A Few Simple Questions

Discussion in 'Photography Equipment & Products' started by Wired, Nov 9, 2008.

  1. Wired

    Wired TPF Noob!

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    Ok well I am getting the Canon EOS 350D and I am curious what some good lenses for it would be? I have heard of all of these different brands. Sigma, Tamron, and Canon. Which brand is better for photographing landscapes and nature/forest shots? Also will any Canon lense fit on the 350D? If I could have these questions answered I would appreciate. Thank!
     
  2. Do'Urden's Eyes

    Do'Urden's Eyes TPF Noob!

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    all canon lenses with the initials EF/EF-S in front of them will fit your 350D. The common advantage of purchasing a sigma or tamron lens is the price. often theyre significantly less expensive than their canon counterpart. for example the canon 70-200mm F/2.8 is about 1300 CDN dollars, and the tamron version is only 900. however this reduction in price also comes with a decrease in performance. But, ive heard that SOME sigma and tamron lenses perform BETTER than the canon equivalent.

    Now the question of which brand is more suited to landscape photography is the wrong question to be asking. it is a matter of focal length. typically a wider lens is preferred for landscapes (lower numbers ie. 17mm) rather than a lens with a higher focal lenths (200mm gets you closer to subjects that are farther away).

    if you tell us your budget we would be able to recommend some lesnes for you.
     
  3. JustAnEngineer

    JustAnEngineer TPF Noob!

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    Any Canon EF or EF-S lens will fit the EOS 350D. This is essentially any Canon lens introduced since 1987.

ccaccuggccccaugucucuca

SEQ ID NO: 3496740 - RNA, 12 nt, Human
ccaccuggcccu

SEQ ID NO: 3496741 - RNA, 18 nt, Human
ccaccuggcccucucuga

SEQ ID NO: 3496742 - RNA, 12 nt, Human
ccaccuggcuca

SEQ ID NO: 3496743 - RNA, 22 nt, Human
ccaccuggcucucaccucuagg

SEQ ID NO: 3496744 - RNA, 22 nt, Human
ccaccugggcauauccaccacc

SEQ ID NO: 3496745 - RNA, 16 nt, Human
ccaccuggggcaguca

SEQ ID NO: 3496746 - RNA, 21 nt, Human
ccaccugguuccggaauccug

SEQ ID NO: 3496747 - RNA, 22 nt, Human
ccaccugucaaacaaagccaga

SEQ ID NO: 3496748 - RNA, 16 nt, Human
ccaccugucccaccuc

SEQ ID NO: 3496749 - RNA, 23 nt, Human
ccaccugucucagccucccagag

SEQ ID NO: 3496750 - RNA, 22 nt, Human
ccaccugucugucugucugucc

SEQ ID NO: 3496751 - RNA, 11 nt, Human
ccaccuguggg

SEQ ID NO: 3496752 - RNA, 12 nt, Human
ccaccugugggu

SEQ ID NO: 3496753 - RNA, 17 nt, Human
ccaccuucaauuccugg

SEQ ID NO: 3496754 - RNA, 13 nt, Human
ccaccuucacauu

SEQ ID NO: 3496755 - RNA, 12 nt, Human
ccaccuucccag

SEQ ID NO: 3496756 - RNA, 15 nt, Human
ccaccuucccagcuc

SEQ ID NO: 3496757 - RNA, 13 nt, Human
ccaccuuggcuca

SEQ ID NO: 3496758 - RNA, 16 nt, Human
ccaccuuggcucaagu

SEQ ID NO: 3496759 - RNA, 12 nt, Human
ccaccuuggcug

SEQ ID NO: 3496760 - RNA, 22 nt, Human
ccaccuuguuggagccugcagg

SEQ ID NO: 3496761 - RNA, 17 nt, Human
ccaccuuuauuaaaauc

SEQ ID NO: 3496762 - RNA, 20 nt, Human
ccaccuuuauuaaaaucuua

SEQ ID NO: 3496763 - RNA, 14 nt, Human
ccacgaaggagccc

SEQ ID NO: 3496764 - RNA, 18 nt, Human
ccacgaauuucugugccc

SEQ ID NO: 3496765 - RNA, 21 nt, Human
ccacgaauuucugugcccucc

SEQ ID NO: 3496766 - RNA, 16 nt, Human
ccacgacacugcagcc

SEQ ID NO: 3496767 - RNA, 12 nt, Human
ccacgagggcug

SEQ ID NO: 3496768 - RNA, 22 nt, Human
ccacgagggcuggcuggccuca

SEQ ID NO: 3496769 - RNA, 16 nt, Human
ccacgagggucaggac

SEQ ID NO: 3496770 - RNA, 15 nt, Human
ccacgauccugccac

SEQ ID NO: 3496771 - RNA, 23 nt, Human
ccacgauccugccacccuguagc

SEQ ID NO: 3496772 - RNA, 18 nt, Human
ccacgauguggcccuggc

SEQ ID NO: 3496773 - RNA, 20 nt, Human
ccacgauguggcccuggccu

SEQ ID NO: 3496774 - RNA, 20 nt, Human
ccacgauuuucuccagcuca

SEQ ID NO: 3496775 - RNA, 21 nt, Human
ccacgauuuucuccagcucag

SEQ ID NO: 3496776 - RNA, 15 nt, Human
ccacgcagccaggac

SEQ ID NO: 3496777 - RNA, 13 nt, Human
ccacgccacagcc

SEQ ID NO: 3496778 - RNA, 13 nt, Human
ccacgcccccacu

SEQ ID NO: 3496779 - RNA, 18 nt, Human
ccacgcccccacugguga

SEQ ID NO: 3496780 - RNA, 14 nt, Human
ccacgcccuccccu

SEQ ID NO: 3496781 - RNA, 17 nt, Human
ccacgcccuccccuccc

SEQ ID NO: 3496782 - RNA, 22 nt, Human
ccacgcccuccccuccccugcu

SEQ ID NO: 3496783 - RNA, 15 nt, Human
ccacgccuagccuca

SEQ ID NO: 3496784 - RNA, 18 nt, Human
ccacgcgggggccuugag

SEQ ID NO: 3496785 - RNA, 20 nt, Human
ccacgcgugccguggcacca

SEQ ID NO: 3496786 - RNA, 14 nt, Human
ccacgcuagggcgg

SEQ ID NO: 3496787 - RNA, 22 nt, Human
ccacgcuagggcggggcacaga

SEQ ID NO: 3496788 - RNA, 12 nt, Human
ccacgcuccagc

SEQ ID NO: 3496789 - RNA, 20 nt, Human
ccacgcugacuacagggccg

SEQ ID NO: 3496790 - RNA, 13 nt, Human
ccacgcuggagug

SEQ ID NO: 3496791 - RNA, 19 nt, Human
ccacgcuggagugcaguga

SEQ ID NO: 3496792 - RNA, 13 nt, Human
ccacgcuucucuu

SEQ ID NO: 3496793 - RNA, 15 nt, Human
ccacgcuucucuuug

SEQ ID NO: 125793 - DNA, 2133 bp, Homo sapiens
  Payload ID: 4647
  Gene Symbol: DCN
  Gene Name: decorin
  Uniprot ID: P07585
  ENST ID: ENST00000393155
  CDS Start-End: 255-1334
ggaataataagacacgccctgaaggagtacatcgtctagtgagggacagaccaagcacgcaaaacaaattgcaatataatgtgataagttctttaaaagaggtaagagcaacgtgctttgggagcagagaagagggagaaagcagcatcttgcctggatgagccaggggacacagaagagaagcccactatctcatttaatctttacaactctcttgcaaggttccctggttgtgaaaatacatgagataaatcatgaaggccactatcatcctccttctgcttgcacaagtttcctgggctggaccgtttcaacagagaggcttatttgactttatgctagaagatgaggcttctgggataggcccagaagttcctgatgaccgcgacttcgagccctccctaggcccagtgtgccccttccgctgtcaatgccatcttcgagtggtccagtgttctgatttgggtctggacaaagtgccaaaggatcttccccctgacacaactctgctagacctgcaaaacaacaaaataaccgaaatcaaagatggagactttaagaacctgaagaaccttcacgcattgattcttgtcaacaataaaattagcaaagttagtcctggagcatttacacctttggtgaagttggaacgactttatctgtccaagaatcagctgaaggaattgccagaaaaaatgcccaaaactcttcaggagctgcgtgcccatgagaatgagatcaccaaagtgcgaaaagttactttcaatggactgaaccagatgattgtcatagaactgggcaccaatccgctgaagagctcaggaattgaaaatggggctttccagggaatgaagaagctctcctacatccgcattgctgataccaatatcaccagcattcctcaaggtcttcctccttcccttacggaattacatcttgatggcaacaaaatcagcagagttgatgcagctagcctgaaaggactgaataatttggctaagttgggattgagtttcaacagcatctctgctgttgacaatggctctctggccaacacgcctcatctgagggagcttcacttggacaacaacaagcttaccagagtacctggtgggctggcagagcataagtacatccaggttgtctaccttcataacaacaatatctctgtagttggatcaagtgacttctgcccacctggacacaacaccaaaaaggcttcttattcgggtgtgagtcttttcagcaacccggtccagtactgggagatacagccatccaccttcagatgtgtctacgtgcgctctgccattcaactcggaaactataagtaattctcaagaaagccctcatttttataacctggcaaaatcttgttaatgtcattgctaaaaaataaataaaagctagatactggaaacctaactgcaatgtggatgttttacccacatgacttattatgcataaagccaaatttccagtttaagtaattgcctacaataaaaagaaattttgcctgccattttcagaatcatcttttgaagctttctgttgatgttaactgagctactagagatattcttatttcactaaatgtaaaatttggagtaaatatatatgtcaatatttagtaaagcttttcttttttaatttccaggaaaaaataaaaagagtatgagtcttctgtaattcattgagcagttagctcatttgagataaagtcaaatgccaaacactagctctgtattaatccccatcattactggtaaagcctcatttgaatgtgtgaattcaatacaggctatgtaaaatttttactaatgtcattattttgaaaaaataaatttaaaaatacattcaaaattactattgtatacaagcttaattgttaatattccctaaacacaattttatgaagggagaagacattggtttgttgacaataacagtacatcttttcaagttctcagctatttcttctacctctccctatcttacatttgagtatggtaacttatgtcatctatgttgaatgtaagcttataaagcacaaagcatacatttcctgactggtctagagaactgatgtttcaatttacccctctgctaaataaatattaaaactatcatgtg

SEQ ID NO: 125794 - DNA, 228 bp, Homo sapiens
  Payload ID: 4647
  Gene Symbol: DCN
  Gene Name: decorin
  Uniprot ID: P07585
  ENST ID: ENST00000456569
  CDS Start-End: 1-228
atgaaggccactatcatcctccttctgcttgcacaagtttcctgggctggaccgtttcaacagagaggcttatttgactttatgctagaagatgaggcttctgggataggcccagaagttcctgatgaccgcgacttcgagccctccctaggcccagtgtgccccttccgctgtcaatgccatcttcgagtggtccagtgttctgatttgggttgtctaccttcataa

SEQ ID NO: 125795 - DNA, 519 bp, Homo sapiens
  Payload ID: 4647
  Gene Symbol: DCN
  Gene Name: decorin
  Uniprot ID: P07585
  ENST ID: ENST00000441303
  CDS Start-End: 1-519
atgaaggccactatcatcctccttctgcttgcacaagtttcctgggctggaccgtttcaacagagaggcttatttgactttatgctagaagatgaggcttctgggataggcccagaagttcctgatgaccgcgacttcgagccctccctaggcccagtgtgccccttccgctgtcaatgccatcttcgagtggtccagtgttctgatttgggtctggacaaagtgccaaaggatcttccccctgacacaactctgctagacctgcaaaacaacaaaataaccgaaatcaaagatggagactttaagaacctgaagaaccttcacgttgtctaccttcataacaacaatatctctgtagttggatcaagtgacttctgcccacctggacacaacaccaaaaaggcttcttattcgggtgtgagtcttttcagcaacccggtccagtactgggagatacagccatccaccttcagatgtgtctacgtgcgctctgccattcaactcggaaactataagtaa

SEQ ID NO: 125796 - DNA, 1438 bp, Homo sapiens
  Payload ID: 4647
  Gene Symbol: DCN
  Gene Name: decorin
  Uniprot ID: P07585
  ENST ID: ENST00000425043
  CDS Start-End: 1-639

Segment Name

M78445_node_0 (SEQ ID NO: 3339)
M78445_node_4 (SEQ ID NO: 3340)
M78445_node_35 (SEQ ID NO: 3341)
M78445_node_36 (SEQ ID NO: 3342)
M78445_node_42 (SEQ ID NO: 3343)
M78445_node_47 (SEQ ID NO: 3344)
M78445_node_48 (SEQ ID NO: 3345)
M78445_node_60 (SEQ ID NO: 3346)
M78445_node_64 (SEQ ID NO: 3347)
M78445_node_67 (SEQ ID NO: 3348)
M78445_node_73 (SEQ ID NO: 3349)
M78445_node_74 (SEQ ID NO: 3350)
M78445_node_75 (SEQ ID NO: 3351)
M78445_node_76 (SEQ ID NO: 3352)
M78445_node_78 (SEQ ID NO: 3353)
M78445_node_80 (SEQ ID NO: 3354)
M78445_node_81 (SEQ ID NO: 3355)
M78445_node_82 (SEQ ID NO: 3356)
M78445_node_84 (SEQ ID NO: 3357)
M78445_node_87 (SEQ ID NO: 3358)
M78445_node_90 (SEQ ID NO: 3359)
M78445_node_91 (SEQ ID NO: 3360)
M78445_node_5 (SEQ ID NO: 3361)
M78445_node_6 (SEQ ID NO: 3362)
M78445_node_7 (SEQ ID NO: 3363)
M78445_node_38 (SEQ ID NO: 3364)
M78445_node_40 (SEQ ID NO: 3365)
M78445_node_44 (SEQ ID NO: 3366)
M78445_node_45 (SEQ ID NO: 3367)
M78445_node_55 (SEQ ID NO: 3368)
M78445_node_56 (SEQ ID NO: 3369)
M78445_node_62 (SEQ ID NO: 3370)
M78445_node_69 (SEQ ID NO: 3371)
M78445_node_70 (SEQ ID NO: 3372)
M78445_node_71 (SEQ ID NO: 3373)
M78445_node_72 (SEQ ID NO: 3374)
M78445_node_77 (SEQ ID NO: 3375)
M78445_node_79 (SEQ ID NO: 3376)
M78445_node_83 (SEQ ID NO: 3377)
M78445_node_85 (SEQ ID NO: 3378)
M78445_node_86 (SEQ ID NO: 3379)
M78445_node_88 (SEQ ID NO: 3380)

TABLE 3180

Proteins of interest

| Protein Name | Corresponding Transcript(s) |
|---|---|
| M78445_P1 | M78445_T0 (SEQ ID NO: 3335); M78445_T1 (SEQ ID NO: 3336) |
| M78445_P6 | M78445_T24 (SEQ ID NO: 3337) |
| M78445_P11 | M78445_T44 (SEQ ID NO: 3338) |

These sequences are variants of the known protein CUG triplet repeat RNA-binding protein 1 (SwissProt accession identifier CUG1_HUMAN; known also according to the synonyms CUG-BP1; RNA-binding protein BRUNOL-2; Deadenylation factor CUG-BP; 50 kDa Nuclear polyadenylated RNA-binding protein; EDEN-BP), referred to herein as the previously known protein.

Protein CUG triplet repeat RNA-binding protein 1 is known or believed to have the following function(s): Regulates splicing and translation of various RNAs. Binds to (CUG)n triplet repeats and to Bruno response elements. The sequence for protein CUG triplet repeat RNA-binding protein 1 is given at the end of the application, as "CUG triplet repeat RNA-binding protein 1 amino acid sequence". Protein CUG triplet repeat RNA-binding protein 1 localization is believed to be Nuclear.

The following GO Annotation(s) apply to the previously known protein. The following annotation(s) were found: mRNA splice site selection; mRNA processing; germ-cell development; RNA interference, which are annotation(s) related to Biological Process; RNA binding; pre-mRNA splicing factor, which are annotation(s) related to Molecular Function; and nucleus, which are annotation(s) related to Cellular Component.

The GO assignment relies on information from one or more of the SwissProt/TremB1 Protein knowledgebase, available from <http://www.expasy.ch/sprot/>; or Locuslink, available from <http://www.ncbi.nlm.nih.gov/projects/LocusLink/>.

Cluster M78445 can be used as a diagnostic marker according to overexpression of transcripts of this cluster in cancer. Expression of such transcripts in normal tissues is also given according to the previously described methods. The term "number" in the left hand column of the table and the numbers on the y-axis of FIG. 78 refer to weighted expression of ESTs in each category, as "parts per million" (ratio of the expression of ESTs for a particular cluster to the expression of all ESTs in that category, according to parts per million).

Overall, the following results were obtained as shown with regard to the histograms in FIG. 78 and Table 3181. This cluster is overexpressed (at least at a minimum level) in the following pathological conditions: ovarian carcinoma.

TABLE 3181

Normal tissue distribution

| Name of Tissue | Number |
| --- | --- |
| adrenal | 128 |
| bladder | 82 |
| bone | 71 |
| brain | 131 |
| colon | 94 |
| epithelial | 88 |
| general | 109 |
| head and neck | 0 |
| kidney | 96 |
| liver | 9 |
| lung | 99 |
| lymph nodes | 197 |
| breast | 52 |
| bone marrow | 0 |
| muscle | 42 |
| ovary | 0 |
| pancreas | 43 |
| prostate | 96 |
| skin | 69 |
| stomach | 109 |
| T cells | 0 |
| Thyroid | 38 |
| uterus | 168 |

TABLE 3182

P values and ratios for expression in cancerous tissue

The brand of your lenses isn't their most important specification. Canon currently offers more than five dozen different lenses for this camera, but there are a few good ones available from Tamron, Sigma, Tokina and Zeiss, as well.

    When selecting a lens, you first want to decide what focal length or range of focal lengths you need. The EOS 350D normally comes with the EF-S 18-55mm f/3.5-5.6 USM lens in a kit. This range from 18-55mm allows a lot of general photography. If you're getting the camera body alone without a lens, consider the US$440 Tamron 17-50mm f/2.8 as a good quality lens in this focal length range. For landscapes, you probably want something at least as wide-angle as 18mm.

    Once you've selected the focal length or range of focal lengths for your lens, look at the maximum aperture (expressed as a ratio to the focal length, f). Each f-stop gathers half as much light as the one before it: f/1.4, f/2.0, f/2.8, f/4, f/5.6, f/8, f/11, f/16, f/22, etc. The EF-S 18-55mm f/3.5-5.6 USM kit lens has a maximum aperture of f/3.5 at the wide end and f/5.6 at the telephoto end of the zoom range. The Tamron 17-50mm f/2.8 has a maximum aperture of f/2.8, meaning that it gathers four times as much light as the f/5.6 kit lens when zoomed in at 50mm. That means that you can shoot with 1/4 the exposure length or 1/4 of the ISO setting.
     
    Last edited: Nov 9, 2008

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